Jonathan Kozol once wrote semi-admiringly about free schools as a concept. Free schools don’t mean public schools; there was a movement to do these kinds of schools where students do all the decision-making. It’s kind of like unschooling, but in a school format. It’s brilliant, but it presupposes a view of childhood that most people find unnerving: that kids can think for themselves and make good decisions.
In my experience, in fact, they can, once they get past the idea that they can, in fact, do nothing and have ice cream all day. Eventually, when they get used to a life with no rules, they do like learning and eating real food, too. Autistic kids thrive with choice since they seem to have this innate knowledge of what it is they need…society just likes to get in the way and interrupt this little voice that tells them what to do. Anyway, sure, kids ought to be able to choose what they do and when they do it. It’s a good thing to have children and teens vote on what happens next, and have them direct their own learning.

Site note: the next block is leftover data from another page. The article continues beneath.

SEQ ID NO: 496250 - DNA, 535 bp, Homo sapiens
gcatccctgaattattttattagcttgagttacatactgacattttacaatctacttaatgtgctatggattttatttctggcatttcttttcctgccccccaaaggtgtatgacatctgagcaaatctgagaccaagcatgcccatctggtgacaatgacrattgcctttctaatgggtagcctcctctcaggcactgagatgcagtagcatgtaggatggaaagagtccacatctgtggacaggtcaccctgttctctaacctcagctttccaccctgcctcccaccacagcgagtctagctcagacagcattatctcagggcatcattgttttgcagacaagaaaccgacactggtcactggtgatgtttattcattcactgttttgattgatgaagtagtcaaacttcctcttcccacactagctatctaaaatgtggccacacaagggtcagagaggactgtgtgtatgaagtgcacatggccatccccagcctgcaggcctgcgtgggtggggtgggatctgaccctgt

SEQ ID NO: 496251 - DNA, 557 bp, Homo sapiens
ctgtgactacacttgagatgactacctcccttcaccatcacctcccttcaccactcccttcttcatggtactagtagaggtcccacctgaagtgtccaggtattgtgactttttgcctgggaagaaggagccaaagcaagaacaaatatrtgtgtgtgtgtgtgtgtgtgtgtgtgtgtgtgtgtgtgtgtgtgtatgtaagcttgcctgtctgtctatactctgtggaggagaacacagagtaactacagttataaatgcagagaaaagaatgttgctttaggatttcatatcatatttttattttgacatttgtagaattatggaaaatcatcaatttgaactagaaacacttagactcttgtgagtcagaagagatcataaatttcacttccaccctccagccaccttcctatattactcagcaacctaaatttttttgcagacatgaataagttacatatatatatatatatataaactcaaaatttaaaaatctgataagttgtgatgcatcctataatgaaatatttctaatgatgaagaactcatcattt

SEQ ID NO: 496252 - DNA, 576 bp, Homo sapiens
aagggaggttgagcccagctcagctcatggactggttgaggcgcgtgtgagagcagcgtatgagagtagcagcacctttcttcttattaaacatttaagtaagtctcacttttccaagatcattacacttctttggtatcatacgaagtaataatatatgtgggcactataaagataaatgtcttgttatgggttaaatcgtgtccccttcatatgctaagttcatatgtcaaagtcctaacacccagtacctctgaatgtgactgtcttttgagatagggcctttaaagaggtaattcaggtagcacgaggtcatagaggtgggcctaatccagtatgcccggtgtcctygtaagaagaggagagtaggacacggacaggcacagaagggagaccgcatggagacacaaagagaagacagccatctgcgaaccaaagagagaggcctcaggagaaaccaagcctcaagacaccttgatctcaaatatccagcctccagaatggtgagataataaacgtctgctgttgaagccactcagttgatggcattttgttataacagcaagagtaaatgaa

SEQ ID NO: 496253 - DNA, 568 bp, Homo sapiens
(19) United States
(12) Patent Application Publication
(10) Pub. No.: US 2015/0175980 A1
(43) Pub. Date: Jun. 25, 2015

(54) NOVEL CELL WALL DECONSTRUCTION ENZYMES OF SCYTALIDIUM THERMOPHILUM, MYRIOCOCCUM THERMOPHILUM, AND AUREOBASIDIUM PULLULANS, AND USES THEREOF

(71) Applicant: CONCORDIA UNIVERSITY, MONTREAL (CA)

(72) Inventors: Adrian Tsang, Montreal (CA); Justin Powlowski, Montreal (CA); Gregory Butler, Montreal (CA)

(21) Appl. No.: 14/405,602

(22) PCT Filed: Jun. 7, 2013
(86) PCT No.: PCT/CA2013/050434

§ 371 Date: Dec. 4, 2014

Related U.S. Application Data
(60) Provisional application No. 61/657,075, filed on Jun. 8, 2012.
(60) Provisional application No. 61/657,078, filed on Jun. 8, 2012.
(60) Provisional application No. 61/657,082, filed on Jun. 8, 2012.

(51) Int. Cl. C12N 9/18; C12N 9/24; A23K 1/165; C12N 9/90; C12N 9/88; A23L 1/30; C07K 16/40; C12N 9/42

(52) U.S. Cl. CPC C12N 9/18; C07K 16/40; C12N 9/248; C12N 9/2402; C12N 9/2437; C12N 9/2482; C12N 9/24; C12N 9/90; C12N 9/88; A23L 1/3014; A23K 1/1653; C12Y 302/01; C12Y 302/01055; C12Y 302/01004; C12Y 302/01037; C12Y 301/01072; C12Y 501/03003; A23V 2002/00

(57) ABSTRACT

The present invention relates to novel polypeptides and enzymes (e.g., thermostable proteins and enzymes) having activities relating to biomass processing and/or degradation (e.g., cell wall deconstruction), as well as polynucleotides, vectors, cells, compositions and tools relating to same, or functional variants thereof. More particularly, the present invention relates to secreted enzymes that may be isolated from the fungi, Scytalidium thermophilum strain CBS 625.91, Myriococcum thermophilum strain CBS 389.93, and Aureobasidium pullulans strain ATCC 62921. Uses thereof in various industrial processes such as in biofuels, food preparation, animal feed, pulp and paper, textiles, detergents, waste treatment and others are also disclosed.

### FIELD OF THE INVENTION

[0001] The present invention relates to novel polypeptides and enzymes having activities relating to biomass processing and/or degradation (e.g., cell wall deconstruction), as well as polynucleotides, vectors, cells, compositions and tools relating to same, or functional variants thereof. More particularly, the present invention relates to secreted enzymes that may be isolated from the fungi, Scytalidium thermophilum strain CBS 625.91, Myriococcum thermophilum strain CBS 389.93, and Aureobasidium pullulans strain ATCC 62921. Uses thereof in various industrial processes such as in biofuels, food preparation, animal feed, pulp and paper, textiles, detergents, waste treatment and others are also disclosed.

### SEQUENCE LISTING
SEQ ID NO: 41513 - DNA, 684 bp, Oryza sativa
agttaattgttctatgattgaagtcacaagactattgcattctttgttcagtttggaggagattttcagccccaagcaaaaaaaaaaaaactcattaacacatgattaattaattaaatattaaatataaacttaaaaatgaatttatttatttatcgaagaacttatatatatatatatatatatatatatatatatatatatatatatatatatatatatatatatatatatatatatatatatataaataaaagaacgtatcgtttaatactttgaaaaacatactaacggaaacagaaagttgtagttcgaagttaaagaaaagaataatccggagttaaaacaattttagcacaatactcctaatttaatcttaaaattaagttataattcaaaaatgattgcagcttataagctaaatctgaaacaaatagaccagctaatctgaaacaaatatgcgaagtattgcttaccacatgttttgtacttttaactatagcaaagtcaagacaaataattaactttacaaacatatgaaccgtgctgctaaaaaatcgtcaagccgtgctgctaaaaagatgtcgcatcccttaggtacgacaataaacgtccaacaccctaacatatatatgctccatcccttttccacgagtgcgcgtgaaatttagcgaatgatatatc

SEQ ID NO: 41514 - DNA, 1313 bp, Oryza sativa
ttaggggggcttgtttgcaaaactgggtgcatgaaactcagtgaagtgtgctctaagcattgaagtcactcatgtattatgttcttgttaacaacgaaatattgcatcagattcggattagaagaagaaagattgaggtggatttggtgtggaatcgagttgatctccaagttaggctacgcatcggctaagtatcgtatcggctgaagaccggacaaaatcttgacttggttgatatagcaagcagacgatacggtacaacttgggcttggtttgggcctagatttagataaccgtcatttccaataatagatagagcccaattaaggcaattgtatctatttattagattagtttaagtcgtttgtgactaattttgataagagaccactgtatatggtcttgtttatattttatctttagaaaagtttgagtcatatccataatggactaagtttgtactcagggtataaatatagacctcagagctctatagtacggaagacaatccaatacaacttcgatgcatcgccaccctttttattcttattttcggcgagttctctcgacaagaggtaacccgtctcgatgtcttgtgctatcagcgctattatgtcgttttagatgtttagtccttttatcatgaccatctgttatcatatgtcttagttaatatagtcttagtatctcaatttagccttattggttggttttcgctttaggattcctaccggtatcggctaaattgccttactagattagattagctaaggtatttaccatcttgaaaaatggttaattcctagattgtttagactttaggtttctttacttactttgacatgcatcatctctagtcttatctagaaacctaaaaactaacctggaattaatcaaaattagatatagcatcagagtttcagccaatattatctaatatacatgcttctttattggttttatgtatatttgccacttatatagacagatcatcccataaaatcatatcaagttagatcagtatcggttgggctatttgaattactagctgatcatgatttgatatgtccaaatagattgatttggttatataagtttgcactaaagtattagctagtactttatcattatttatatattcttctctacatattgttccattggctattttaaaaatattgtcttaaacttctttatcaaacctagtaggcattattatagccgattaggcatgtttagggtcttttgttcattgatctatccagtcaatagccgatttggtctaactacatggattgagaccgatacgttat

I’m sure, deep down, Kozol also would agree in theory with Catholic education because of the good it can do, especially in urban areas. It gets some kids out, and helps them move to the middle class. When you think of individual children, homeschooling, choice schools and Catholic education and other options are always a wonderful thing. He is not remotely a fan of it in practice, though (or possibly not even in theory; sometimes it’s hard to read his work for me because of this).
But he said something about free schools that has stuck with me for years.
He compared them to the commandant’s children playing in the sandbox near Auschwitz.